To usher in more transparency and consistency in reporting, SEBI launched the Guidelines on Categorization and Rationalization of Mutual Fund Schemes to distinguish strategies in terms of, inter alia, asset allocation and investment strategies, and to make uniform the characteristics of similar types of categorised schemes.16 The Guidelines classify mutual funds as equity schemes, debt schemes, hybrid schemes, solution-oriented schemes and other schemes. In solution-oriented schemes, there is a specified lock-in period. Only one scheme per category is permitted except in index funds or exchange traded funds replicating or tracking different indices; fund of funds having different underlying schemes; and sectoral or thematic funds investing in different sectors or themes.

The SEBI has also issued Guidelines to enhance Governance of Mutual Funds that restrict the tenure of independent trustees and independent directors to a maximum of two terms, with each term not exceeding a period of five consecutive years. The independent trustee or director will be eligible for reappointment for a second term after a three-year cooling-off period has elapsed subject to non-involvement with such mutual fund, asset management companies (AMCs), subsidiaries and sponsors. Existing independent directors and trustees may hold office for a period of 10 years, inclusive of the preceding years for which they have held office. Similar provisions are applicable in relation to the rotation of auditors and the maximum tenure for existing auditors of mutual funds.

iii Real estate investment trusts and infrastructure investment trusts

REITS and INVITs are regulated by the SEBI (REIT) Regulations 2014 (REITs Regulations) and the SEBI (INVITs) Regulations 2014 (INVITs Regulations), which are generally quite similar. REITs and INVITs are required to invest primarily in completed, revenue-generating real estate assets and distribute 90 per cent of their earnings to the investors.

Units of REITs and INVITs are issued by way of a public offer through an offer document that is scrutinised by SEBI. The INVITs Regulations envisage private placement subject to certain conditions. REITs and INVITs are not permitted to have multiple classes of units or schemes, except 'subordinated units' that can be issued to the sponsor. It is mandatory that the units of a trust (including where privately placed) are listed on a stock exchange in India. Detailed investment conditions and restrictions have also been prescribed in both sets of Regulations. The Regulations specify minimum standards of net worth, and qualifications and experience for, and rights and responsibilities of, sponsors, managers and trustees, as well as rights and responsibilities of valuers and auditors. With respect to targeting investors such as mutual funds, banks and insurance companies, REITs and INVITs will need to ensure that the applicable cap on investments notified by SEBI, IRDA and RBI are adhered to.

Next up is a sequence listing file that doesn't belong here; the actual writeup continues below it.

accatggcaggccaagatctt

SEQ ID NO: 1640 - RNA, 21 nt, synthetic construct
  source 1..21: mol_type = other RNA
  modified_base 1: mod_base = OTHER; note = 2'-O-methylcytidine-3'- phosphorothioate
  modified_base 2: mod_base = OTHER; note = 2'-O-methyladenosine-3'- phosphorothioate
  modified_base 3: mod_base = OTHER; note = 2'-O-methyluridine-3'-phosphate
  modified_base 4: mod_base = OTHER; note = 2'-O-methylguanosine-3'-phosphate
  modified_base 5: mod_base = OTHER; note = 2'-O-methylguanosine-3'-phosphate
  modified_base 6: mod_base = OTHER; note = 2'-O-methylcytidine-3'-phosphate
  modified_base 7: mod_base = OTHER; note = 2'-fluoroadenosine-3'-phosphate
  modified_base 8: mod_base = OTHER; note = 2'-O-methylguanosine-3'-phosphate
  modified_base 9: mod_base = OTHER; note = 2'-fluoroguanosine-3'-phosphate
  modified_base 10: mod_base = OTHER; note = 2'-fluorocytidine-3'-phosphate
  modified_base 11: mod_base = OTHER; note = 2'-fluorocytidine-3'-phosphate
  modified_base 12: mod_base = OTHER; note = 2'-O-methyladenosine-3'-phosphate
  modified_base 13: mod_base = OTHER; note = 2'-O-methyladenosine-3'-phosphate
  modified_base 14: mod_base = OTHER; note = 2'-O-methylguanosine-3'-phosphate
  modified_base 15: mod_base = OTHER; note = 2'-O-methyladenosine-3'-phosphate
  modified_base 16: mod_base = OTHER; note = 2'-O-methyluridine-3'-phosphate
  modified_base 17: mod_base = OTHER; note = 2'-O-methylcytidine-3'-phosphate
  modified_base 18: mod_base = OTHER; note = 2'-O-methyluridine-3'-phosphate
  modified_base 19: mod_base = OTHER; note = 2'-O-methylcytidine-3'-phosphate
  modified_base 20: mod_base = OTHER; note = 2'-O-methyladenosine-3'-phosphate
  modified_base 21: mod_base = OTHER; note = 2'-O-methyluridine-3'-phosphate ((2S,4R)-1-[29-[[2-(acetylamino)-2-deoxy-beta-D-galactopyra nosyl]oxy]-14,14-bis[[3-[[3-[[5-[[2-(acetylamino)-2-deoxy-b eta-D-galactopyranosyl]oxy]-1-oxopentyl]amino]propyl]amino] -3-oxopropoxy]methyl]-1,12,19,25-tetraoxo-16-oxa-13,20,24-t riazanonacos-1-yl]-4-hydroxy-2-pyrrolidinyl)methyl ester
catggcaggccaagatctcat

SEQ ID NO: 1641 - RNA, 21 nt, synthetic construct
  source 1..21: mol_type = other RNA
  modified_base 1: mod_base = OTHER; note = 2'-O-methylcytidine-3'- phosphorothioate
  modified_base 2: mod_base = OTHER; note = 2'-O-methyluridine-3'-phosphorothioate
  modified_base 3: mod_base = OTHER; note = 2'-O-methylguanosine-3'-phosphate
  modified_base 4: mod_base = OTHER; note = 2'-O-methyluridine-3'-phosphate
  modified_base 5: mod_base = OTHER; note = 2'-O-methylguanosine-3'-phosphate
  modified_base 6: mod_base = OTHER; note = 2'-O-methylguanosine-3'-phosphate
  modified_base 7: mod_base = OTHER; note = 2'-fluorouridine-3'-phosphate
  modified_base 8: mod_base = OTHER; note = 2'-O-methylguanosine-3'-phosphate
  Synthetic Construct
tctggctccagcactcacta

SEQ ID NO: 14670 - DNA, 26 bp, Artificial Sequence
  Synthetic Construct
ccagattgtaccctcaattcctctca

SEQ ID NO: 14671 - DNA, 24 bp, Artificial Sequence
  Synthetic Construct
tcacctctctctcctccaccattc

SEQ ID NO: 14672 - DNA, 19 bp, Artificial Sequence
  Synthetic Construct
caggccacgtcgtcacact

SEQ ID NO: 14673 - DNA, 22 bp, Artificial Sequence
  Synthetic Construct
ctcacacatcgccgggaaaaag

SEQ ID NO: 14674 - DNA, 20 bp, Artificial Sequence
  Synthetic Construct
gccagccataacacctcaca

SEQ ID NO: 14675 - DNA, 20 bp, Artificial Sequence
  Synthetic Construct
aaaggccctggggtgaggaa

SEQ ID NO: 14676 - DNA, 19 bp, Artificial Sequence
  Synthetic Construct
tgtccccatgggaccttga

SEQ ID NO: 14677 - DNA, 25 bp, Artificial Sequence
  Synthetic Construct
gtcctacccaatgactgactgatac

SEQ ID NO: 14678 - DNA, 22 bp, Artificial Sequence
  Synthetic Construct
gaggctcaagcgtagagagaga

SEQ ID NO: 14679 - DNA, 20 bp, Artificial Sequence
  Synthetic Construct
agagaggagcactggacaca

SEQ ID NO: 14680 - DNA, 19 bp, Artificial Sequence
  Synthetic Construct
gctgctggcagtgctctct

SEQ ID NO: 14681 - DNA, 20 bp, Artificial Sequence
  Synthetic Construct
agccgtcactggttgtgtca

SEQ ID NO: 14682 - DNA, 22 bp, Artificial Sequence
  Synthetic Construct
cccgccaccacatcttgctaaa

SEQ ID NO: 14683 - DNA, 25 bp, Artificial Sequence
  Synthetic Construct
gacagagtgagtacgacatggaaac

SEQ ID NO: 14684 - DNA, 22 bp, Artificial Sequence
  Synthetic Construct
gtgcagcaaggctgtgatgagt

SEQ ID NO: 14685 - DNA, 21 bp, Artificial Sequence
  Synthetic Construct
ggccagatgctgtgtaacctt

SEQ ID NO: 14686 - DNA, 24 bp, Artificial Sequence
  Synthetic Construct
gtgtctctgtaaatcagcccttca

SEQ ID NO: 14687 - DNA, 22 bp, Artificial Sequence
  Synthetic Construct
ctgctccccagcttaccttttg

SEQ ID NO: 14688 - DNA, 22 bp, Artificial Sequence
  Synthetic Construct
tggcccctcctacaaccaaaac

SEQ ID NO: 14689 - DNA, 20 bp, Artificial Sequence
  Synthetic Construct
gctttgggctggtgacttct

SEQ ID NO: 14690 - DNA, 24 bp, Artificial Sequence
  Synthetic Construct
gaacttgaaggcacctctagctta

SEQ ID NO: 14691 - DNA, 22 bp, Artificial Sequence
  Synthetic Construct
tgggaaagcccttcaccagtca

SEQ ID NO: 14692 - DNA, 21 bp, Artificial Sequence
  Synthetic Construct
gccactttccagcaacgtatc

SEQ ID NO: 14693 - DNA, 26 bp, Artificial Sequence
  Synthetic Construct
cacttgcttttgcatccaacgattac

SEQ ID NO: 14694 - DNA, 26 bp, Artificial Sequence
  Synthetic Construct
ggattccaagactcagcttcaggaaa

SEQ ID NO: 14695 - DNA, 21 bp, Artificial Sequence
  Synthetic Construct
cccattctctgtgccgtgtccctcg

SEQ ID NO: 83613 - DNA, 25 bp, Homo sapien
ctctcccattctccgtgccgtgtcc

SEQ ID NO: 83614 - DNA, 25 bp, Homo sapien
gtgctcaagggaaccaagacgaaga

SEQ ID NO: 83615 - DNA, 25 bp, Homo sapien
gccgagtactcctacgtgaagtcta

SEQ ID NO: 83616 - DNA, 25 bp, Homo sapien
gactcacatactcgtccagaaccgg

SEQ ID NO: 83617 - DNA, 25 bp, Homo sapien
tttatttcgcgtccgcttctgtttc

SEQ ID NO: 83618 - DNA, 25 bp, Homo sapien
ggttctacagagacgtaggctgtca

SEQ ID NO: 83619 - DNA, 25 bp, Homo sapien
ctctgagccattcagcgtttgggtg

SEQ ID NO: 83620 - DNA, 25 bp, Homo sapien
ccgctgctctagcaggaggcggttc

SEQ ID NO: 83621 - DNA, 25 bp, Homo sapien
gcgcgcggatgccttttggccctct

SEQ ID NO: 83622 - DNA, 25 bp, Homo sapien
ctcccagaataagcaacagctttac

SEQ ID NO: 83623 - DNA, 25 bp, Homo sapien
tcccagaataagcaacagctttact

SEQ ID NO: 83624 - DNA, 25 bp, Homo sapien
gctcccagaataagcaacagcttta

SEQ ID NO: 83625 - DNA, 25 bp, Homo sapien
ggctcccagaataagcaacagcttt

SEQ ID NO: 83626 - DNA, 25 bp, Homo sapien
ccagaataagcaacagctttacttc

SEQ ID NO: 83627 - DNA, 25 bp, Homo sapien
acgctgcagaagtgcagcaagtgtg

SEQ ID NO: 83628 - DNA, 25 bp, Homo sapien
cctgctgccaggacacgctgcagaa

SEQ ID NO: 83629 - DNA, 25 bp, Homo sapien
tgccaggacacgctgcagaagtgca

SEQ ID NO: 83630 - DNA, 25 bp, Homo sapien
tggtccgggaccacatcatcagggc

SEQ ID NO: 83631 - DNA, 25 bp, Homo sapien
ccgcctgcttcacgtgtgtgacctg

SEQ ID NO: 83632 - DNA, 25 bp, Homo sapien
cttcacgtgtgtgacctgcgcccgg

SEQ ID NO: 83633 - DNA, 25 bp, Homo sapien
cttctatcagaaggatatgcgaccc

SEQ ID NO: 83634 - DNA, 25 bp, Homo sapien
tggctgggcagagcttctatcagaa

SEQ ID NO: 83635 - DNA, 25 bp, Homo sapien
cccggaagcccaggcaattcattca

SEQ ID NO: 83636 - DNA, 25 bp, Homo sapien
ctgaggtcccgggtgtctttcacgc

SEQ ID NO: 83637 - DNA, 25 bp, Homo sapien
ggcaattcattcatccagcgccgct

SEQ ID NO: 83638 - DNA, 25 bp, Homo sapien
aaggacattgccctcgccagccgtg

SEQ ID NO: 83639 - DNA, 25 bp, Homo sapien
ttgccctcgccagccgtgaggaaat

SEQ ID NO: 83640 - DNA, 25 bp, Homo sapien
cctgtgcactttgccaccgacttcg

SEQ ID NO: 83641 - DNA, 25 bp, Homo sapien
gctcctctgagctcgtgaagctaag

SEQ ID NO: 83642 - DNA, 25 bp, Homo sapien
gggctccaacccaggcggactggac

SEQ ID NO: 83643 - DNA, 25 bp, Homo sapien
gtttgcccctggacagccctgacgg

Recently, SEBI issued the Guidelines for Preferential Issue of Units by Infrastructure Investment Trusts, which stipulate the procedure and conditions for any subsequent issue of units after an initial offer.17 A listed INVIT thus may make a preferential issue of units to an institutional investor subject to various conditions, the key ones being that no preferential issue of units by the INVIT has been made in the six months preceding the relevant date; there shall be a minimum of two allottees and a maximum of 1,000 in a financial year; and units allotted under preferential issue shall not be sold by the allottee for a period of one year from the date of allotment, except on a recognised stock exchange.

iv Offshore funds

Foreign investment in India is required to comply with the Foreign Exchange Management Act 1999 and FEMA 20, which stipulate various routes for investing in Indian securities and funds.

Offshore funds and offshore investors are permitted to invest in an 'investment vehicle' under the automatic route (without need for government approval). An investment vehicle is defined to mean an Indian fund registered with SEBI, and includes AIFs, REITs and INVITs.

An offshore fund or offshore investor may choose to invest directly in Indian companies by complying with the conditions under the foreign direct investment (FDI) policy.